ArtsAutosBooksBusinessEducationEntertainmentFamilyFashionFoodGamesGenderHealthHolidaysHomeHubPagesPersonal FinancePetsPoliticsReligionSportsTechnologyTravel
  • »
  • Fashion and Beauty»
  • Skin Care

Is Wudu Permissible with Nail Polish

Updated on December 2, 2011

Wudu (ablution) & Nail Polish Issue

This subject seems to be a common discourse of today’s religious events and proponents of this issue support their stance implying that since water won’t penetrate the layer of nail polish, wudu is not complete and hence one cannot complete religious obligation where wudu is required. Mostly this perception is based on fatwa’s of Muslim Jurisprudence and has no solid base to support it.

The irony of this issue is that even well educated and professional are among the proponents of wudu without nail polish, without rationalizing the issue. Islam has been on the surface of this planet for last 1400 years and nail polish issue has recently surfaced. The creeds from various scholars do not satisfy rational wisdom as from early era of Islam, men were allowed to do wudu without removing their leather socks and in case of non availability of water Tayamum was allowed.

One has to think rationally why it was necessary to do wudu with respect to the environmental conditions and what the essence of wudu is. Early era of Islam is not comparable to 21st century life style. Desert with blowing dust, dirt & very hot weather was a common factor in cleaning before praying. One has to satisfy this requirement in order to go before Allah and pray. From that prospective, cleanliness of mouth, nose, face, hands & feet including hairs were regarded as pre-requisite of slat.

In those days use of henna on hand, feet and hair was a commonality that people used to do. Nail polish was not known to those people. Use of henna was a common practice and women used to put henna and no one raised the question of wudu validity in terms of water penetrating to the real skin.

Used of nail polish that surfaced during last century is being practiced throughout the world. Usually if someone is using nail polish, nails would be cleaned before putting the polish. Hence it is totally redundant to say whether the surface of nails has received water or not.

If it is required then what about those Muslims who used henna on hands or color their hairs. They also fall in the same category and their wudu is also not valid. In addition to above, men should not be allowed to do wudu wearing their socks. Similarly Tayamum should not be allowed if water is not available. It may also be quoted here that the prophet is reported to have used oil on his bear. If so, oil is also water resistance and may not have wet his beard.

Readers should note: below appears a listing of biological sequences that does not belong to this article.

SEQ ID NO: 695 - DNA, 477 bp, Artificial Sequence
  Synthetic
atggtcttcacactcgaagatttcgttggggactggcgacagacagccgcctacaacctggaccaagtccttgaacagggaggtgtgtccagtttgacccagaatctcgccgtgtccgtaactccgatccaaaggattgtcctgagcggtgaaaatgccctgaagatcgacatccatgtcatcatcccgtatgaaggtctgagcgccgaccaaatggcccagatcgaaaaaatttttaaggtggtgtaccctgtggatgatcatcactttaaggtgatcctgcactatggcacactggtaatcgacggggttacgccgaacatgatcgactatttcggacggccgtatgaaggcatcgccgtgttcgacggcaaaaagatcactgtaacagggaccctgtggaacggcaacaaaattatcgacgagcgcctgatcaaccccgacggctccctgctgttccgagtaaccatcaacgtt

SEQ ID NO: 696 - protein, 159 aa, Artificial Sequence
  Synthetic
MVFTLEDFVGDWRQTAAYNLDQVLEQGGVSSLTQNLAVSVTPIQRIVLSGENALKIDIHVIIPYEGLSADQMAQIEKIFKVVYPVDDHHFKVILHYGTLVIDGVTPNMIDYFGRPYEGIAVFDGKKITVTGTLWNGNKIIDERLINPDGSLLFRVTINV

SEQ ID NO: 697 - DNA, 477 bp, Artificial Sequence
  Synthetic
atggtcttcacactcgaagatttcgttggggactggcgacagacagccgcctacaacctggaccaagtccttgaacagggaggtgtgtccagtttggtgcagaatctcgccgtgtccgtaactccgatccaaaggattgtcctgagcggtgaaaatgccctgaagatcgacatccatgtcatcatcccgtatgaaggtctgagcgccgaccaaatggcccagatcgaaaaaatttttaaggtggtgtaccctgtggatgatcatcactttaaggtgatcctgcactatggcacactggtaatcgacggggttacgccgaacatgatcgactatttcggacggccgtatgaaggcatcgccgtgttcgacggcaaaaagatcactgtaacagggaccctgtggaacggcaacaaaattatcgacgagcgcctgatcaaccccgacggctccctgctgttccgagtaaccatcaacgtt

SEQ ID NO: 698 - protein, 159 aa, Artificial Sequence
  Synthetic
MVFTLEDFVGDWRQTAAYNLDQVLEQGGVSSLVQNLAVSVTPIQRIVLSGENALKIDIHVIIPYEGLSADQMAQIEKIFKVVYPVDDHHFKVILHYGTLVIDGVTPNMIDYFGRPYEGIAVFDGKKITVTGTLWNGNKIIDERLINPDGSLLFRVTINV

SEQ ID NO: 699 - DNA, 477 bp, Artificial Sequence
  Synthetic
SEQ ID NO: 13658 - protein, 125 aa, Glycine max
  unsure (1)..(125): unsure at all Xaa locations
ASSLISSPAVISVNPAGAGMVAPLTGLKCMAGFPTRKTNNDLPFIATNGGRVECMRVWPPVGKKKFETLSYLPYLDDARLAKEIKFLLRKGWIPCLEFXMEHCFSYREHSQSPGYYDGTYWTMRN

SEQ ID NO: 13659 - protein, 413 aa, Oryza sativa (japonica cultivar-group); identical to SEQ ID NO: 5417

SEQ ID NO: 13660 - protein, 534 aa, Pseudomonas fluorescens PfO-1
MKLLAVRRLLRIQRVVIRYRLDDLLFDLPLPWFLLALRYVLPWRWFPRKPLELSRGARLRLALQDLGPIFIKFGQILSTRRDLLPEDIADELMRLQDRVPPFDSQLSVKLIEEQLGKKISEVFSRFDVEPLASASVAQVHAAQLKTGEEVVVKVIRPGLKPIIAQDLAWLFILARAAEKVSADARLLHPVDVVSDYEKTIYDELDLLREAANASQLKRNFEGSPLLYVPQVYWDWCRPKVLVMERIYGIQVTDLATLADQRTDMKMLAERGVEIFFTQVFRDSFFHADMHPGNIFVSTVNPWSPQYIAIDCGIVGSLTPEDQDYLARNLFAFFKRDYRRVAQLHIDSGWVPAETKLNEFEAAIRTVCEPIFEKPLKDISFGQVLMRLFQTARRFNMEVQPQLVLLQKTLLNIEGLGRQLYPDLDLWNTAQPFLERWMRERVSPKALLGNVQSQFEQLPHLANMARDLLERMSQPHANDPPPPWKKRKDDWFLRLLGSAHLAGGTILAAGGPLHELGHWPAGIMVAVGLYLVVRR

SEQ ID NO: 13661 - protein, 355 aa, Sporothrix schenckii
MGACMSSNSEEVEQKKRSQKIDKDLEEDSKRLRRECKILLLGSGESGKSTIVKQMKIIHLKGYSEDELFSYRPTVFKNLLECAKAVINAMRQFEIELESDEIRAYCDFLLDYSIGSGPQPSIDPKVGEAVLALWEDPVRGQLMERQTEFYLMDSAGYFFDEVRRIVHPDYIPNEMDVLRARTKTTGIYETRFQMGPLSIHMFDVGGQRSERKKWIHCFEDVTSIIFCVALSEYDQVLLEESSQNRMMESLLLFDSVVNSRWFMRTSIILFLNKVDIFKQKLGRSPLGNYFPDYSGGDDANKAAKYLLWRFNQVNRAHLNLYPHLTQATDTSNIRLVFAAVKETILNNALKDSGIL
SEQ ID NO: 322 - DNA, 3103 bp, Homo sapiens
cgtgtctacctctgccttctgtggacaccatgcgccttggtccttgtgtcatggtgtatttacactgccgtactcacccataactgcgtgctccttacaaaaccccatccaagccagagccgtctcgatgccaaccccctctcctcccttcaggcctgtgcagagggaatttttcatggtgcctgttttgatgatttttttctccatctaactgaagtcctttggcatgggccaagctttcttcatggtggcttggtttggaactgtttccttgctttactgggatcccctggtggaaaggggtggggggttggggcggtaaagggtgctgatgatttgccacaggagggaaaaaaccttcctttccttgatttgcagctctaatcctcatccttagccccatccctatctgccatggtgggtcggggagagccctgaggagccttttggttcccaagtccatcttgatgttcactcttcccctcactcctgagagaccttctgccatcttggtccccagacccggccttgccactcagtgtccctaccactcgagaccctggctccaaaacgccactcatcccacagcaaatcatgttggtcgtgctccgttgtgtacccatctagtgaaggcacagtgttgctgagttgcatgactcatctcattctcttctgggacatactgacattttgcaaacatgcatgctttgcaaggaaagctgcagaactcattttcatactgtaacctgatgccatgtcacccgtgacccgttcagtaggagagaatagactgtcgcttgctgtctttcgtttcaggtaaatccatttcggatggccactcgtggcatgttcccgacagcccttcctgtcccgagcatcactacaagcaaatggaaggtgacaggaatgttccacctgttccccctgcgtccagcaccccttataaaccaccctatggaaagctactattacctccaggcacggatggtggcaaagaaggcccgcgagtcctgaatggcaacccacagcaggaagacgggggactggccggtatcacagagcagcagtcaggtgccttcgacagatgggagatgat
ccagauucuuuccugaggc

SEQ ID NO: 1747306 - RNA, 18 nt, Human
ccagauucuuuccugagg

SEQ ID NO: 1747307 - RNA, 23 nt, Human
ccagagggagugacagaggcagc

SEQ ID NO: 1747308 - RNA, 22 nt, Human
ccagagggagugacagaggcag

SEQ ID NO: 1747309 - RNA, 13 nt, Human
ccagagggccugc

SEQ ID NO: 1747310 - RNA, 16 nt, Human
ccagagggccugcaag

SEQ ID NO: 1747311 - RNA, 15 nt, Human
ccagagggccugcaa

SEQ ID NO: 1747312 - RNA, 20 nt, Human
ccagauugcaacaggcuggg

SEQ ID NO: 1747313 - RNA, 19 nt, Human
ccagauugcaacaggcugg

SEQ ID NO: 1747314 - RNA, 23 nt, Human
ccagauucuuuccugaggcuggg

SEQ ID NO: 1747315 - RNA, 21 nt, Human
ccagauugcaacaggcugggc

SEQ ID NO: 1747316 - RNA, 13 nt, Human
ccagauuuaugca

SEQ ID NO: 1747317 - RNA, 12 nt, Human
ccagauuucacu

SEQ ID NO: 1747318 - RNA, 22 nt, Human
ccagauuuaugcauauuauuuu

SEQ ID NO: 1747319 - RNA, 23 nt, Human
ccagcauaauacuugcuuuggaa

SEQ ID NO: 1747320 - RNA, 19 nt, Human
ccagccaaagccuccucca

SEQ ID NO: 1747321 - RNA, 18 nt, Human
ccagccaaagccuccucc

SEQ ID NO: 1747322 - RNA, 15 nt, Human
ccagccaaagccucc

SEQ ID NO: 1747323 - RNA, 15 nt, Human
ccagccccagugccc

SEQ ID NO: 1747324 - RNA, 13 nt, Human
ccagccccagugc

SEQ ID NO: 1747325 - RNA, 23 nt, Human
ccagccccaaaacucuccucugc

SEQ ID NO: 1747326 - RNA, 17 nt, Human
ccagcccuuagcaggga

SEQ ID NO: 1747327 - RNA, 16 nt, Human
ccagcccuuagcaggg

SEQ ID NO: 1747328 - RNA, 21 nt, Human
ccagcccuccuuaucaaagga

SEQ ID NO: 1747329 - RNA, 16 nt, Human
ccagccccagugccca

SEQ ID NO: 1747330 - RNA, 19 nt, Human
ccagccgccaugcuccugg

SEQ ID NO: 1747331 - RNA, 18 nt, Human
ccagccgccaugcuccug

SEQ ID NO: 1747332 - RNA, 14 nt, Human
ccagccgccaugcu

We Muslim have a habit of doing forensic on minor issues rather than addressing gray areas that are causes of controversies.

I think this issue should be left on individuals to decide. If they are satisfied that nails were cleaned before putting nail polish, their wudu should be intact. Allah is the final judge and he will decide based on one’s intention. Preferably one can say that Muslim women should avoid use of nail polish due to wudu required for praying but it is not an absolute necessity for wudu.

Mohammad Ashraf



    0 of 8192 characters used
    Post Comment

    • profile image

      mohdashraf 6 years ago

      Appreciated your comments. I concur with you that it is more of a common sense issue but unfortunately we tend to be slow learner. There are many things I can quote to prove that but I do not want to offend any one. Every once is entitled to his/her perception of the faith, but it would better if we start thinking rationally to become progressive keeping basic tenet of our faith. JAK

      M. Ashraf

    • profile image

      A Muslim women! 6 years ago

      Excellent points Mr. Ashraf, I think we all need to use more common sense!! You are absolutely right, nail polish should be avoided, but should not be a requirement for wudu.

      Thank you

    • profile image

      mohdashraf 6 years ago

      Thanks for your comment.